A talented man was my Dad.
Cannot, a word not used by him.
New things he would try.
Until he’d got it right.
He sewed a dress for me.
From a magazine he studied.
Measurements on paper, cut out.
Tacking and hemming, my dress sewed.
A hat of blue with lace.
I watched him at work.
A tailor he could have been.
A hat to church I wore proudly.
A master chef in the kitchen.
Dishes spiced with his love.
Cooking a passion in him.
Always a new recipe to try.
Baking took centre stage too.
Cocoa cakes, Sugi cakes, butter cakes.
Bread puddings and sweat deserts.
A baker at heart, happily baking.
His toolbox another trademark.
A handyman around the house.
A plumber, an electrician, a carpenter.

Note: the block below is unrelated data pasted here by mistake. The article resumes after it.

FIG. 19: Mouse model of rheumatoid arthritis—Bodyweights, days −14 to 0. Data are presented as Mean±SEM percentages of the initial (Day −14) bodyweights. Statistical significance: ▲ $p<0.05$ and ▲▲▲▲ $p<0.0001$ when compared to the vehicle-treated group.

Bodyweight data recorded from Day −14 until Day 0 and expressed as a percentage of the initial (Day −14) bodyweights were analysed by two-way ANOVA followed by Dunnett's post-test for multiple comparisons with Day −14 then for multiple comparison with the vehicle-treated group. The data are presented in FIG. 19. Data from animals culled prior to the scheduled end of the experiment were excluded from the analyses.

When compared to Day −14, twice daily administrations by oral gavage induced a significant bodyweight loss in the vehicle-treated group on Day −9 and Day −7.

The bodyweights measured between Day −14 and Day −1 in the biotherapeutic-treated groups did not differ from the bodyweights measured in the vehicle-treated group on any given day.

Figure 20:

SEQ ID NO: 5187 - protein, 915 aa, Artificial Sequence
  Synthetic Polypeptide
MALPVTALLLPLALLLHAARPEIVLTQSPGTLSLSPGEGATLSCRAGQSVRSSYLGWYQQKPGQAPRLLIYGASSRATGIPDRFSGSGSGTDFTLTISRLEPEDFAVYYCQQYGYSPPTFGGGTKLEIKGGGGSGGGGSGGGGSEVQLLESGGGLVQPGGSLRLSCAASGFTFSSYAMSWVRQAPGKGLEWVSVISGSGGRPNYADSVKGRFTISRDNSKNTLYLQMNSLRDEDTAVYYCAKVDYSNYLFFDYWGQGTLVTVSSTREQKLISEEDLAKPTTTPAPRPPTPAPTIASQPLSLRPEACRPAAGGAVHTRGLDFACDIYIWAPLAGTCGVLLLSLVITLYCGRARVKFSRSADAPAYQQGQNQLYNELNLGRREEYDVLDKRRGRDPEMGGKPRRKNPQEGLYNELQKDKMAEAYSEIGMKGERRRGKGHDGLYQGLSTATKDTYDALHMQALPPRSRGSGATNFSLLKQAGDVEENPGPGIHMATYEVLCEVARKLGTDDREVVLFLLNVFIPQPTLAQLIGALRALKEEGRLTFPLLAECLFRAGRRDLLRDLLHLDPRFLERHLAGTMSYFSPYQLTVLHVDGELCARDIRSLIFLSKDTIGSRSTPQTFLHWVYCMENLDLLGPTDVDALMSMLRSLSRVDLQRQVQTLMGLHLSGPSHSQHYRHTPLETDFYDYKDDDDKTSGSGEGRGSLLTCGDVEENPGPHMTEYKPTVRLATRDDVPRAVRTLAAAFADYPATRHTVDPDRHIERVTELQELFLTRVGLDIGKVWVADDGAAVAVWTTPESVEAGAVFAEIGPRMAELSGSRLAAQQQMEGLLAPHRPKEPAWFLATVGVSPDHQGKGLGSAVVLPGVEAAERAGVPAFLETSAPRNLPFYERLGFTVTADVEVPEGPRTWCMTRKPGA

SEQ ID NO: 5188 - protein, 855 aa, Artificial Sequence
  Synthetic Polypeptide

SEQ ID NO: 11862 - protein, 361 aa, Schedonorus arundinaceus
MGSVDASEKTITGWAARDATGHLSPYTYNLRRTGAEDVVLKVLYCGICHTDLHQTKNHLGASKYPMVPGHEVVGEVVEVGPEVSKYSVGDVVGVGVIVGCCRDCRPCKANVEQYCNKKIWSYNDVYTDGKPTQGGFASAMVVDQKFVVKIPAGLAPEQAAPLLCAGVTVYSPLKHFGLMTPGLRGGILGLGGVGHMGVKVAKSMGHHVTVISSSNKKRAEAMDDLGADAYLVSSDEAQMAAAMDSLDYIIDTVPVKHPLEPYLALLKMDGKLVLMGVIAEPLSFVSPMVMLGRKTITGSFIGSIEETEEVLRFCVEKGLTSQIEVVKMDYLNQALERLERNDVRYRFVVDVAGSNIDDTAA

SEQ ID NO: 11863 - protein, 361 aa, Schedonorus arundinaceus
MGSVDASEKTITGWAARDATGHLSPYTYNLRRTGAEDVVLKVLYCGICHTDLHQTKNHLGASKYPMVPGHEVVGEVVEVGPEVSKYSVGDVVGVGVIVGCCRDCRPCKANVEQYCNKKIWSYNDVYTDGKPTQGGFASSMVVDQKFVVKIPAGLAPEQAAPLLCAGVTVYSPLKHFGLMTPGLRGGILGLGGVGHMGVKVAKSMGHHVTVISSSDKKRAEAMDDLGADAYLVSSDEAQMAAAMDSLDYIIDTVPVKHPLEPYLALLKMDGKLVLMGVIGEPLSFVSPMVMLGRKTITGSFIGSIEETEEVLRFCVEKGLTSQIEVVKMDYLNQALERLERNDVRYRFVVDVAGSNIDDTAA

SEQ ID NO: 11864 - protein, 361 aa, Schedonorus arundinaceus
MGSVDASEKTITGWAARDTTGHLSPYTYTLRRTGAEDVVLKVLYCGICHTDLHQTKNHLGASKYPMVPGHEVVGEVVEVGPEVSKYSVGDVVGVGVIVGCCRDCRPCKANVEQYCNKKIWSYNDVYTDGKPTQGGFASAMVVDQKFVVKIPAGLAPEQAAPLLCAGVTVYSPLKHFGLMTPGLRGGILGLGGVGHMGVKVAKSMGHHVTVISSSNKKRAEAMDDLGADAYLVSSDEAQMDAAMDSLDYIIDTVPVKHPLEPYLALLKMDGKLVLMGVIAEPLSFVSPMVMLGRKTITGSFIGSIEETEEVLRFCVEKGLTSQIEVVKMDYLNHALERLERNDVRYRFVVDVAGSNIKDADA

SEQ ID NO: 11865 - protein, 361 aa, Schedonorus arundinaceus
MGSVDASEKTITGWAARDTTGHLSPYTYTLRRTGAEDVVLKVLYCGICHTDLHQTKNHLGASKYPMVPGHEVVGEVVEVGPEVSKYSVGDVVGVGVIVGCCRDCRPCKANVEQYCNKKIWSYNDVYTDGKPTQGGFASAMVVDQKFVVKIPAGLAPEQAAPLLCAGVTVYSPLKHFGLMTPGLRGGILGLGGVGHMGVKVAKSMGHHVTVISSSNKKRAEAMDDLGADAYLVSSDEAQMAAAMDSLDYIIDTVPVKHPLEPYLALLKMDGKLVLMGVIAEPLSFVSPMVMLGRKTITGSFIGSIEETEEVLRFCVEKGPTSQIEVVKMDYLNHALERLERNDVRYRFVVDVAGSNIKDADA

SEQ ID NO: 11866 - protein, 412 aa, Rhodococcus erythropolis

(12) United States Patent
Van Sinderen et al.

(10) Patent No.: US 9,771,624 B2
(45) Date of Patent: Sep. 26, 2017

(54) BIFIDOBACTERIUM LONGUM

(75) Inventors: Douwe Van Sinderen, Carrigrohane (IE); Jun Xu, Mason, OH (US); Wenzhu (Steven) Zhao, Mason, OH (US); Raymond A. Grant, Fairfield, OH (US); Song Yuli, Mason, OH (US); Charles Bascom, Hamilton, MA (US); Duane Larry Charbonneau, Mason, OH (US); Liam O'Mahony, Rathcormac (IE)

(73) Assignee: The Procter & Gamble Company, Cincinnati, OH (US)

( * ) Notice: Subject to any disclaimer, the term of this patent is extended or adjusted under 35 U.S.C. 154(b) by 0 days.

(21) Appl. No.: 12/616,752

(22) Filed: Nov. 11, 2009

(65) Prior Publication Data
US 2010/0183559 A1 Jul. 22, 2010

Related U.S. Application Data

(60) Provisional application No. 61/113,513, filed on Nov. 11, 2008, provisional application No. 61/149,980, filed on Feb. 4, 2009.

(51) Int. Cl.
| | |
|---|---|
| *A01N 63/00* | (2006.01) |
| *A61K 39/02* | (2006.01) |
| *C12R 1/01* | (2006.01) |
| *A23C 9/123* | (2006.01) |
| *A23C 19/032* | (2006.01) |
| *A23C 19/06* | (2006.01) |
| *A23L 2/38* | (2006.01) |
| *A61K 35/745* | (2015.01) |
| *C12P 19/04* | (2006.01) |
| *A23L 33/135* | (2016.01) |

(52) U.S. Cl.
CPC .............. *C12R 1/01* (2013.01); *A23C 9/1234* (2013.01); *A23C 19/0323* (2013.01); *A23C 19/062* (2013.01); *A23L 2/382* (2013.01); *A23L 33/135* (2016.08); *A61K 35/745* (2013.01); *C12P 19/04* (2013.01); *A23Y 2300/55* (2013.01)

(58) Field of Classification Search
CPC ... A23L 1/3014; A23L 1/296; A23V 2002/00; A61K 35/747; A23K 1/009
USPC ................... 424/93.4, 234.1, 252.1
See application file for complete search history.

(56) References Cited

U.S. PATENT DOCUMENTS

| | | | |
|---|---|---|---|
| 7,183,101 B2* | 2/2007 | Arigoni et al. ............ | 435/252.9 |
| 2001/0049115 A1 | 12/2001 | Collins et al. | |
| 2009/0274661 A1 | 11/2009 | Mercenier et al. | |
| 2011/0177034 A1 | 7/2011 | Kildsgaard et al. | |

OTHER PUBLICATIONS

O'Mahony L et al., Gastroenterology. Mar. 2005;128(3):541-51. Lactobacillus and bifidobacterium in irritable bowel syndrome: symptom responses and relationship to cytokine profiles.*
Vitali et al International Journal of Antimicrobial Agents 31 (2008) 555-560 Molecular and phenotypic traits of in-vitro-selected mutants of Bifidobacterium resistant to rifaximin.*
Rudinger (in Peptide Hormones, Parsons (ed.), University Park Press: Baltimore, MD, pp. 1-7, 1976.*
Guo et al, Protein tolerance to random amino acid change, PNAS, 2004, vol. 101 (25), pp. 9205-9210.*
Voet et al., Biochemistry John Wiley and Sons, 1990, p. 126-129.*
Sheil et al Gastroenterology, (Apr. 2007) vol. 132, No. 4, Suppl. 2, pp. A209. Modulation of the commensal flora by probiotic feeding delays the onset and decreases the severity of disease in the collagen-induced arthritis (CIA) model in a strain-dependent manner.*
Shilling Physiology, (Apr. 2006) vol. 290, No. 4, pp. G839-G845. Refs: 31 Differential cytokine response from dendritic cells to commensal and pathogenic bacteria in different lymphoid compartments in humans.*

Not only a fixer; a builder too.
From discarded plywood,
he made table-tennis bats for us.
He taught us the art of kite-making.
And how to use tools safely.
A set of wooden furniture inherited.
Lovingly he restored this gift.
To what it once was before.
These became mine to treasure.
The dance floor his domain.
At least one dance with each lady.
A storyteller; a tale he would spin.
Nights seated around him listening.
A strong, muscled man.
Workman’s hand, big and rough.
What was known as a woman’s domain,
he viewed as equality between both.
I watched; I learned; from my Dad.
Never a dull moment with this man.
Always ready to learn new things.
Never giving up; he’d try again.
He is gone, his voice I still hear.
Patiently teaching me all he knows.
When I tell him I cannot, it’s hard.
His voice, “You can Honey girl, try again.”
A 100-years ago today you were born. Your memory lives on in my heart,
Happy Birthday Daddy.
23 May 1917 – 17 December 1976
By C.E. Pereira